Obama may feel some special pressure as the first black President but this series of public pronouncements just comes off unpresidential at best and negligent at worst. Sometimes the best thing to do Mr. President is just shut up.

Just shut up.

What do you think? The bar is open.

Duel_preview_500

The Upcoming Showdown

Well folks, it appears the 44th POTUS has not taken the expected lessons from the November 4th GOP victory. On the contrary, with no more elections to win and no more congressional seats to worry about (not including Mary Landrieu) Obama feels free to do what he damn well pleases. He’s dealing with continued opposition to the ACA and he’s taking a swing at net neutrality and the Keystone pipeline. But the most imminent battle is over immigration reform and this has the right apoplectic.

Obama is famous for favoring politics over ideals, no doubt one of the biggest let downs for his supporters. To focus on Obama’s motives (fairness, narcissism, power grab) is to focus on the wrong thing. This is a rare time when there is bipartisan recognition that we have a problem so the focus should be on the fix.

It seems completely reasonable to me when Obama cites congressional malfeasance on immigration. The Senate passed a bipartisan bill that House leader Boehner refused to put to a vote. Is government supposed to come to a standstill because one chamber refuses to do its job? (In fairness Harry Reid has sat on his share of bills too.) Obama has given numerous “warnings” that if Congress could not get its act together, he would take whatever executive action he could. Again the fact that it is expedient for him to act now is beside the point. We’re focusing on the wrong thing.

The solution must encompass:
1. Border security: Unless we want to be Cold War East Berlin, we need to recognize there are limits to what we can do here. We’re not going to build a wall with snipers ready to shoot interlopers. We should take reasonable steps here but with such a long border, breaches are inevitable. Some money allocated to border security is a good idea. Unlike conservatives, I don’t think this is top priority.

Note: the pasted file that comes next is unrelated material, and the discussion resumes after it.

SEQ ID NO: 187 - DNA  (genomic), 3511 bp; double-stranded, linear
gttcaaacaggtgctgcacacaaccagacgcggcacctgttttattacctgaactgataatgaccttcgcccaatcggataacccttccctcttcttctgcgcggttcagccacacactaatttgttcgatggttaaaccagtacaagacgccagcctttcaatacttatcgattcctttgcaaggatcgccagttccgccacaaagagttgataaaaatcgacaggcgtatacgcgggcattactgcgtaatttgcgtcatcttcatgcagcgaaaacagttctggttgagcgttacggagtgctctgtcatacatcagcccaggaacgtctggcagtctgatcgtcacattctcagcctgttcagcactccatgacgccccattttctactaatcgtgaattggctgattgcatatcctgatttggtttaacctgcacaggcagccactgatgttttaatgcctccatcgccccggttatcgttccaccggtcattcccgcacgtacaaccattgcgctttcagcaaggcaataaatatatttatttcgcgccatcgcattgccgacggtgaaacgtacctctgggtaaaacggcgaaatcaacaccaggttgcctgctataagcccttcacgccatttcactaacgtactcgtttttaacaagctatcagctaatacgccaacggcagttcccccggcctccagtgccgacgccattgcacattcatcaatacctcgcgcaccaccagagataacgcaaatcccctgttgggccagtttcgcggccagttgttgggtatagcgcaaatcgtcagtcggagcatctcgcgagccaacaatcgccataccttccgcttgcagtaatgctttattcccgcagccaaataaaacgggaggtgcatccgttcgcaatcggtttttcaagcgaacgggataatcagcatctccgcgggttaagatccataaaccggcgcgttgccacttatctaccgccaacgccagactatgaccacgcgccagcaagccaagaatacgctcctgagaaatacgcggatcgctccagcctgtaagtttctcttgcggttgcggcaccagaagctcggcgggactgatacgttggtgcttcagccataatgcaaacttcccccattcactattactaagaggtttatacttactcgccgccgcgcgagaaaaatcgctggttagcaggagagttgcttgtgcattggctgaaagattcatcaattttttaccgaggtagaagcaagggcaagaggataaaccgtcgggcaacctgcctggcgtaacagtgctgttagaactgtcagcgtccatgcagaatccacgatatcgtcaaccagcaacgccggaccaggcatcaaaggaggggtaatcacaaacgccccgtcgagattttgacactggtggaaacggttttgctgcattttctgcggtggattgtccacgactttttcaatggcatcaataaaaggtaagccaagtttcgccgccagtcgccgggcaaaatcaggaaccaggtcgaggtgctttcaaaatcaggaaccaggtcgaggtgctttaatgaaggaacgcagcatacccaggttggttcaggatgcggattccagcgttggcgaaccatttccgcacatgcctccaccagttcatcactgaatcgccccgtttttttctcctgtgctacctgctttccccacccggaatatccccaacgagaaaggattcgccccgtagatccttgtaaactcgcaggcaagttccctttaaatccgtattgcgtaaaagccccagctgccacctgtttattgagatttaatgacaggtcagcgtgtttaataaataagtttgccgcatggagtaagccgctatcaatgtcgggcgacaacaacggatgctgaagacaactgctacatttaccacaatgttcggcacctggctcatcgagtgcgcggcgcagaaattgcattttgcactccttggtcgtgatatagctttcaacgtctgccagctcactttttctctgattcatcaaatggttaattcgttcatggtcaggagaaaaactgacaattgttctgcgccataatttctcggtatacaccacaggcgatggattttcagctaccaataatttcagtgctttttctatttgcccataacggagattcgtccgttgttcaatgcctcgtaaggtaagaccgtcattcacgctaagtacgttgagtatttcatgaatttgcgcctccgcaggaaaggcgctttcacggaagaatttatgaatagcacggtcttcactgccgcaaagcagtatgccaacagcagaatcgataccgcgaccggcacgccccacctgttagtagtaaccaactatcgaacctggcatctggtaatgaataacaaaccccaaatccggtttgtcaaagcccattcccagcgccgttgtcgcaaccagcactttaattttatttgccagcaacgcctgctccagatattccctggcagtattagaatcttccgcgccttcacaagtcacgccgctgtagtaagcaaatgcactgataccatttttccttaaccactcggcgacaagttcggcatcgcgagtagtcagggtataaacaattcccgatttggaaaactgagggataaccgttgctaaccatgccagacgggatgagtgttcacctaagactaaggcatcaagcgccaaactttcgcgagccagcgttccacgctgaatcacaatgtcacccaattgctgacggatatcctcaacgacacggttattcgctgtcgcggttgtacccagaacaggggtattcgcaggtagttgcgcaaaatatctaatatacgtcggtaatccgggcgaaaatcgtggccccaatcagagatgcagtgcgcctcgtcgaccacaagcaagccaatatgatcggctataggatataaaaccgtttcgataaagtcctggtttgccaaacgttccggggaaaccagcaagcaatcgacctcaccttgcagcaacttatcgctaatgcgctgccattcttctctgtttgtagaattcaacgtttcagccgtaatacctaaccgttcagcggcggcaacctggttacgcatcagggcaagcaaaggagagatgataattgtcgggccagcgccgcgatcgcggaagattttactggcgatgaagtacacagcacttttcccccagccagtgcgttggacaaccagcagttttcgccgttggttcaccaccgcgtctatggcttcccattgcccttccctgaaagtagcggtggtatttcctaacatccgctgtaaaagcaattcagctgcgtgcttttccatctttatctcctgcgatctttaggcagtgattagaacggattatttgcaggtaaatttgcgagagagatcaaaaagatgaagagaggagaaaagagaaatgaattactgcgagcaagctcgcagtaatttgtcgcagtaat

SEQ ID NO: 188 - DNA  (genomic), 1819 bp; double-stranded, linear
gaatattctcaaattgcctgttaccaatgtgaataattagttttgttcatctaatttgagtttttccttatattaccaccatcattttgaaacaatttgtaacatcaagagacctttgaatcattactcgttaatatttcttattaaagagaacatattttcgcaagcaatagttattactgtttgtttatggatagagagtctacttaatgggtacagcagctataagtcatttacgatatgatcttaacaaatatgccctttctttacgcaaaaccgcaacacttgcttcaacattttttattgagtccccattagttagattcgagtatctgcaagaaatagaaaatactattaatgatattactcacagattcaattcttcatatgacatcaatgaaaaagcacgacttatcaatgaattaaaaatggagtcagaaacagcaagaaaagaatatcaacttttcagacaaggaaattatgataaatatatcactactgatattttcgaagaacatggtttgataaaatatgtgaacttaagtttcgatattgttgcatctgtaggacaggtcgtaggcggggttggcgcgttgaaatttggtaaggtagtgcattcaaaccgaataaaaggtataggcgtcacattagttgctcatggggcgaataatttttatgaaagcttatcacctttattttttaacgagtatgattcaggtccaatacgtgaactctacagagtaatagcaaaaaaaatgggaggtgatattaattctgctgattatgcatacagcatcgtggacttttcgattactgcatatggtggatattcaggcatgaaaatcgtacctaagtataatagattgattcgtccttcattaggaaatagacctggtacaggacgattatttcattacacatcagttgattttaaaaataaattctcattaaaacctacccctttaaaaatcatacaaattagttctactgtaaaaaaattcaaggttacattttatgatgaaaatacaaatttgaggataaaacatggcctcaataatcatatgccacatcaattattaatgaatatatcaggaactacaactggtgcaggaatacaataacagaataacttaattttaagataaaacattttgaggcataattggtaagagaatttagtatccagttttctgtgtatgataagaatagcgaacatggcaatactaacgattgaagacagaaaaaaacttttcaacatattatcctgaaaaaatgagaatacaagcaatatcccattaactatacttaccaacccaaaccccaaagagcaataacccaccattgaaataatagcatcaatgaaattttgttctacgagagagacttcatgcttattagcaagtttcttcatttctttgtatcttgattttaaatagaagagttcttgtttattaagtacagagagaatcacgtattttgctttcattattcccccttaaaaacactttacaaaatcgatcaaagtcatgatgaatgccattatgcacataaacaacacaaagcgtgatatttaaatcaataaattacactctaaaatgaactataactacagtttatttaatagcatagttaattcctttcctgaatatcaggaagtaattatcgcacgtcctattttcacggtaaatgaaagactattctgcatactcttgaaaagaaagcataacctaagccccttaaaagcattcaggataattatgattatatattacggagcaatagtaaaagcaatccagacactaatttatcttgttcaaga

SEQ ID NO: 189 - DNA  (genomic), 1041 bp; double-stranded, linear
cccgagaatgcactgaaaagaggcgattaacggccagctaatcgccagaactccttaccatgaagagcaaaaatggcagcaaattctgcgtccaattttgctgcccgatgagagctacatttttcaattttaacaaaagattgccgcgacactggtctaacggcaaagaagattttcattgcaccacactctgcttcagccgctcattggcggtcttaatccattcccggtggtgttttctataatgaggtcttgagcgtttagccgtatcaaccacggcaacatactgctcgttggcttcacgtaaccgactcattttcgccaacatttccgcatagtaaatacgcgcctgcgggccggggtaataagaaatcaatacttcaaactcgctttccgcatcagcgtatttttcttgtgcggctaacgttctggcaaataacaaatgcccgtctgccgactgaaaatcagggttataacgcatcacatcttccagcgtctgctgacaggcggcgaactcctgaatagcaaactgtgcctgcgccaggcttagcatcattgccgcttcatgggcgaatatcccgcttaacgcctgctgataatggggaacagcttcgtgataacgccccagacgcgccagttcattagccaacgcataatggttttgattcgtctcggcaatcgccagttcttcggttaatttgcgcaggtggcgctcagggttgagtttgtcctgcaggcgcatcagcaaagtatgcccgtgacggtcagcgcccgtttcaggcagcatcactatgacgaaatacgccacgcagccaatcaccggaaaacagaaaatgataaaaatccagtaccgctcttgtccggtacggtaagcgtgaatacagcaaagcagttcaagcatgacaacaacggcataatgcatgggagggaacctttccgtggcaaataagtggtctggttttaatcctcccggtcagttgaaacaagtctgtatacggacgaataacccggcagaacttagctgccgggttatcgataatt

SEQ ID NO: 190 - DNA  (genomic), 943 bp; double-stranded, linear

2. Conditions that encourage migration: This is a tough nut to crack as the ball is really in the court of Mexico and points south. To the extent that we can implement policies (perhaps trade policies) that improve the lives of folks in their native lands, we should.

3. Exploitation: We should vigorously prosecute business owners who hire undocumented workers.

4. Compassion: How can we as a civilized country tell people who have lived here for years and raised families here that they must summarily leave? This segment of the undocumented have become part of their communities and are loved not just by family but by friends. We must find a way to compassionately deal with this.

5. Fairness: Compassion aside, law breakers cannot be prioritized over those following the rules. Any path to citizenship must place lawful immigrants at the “front of the line”.

I honestly don’t think legislation or an executive order that encompasses these five principles is rocket science. I also don’t think that the world will come to an end if it takes an EO to move this forward. If Congress wants to act responsibly, they should pass legislation to supplant Obama’s executive action as soon as possible and not waste any more time whining about it.

What do you think? The bar is open.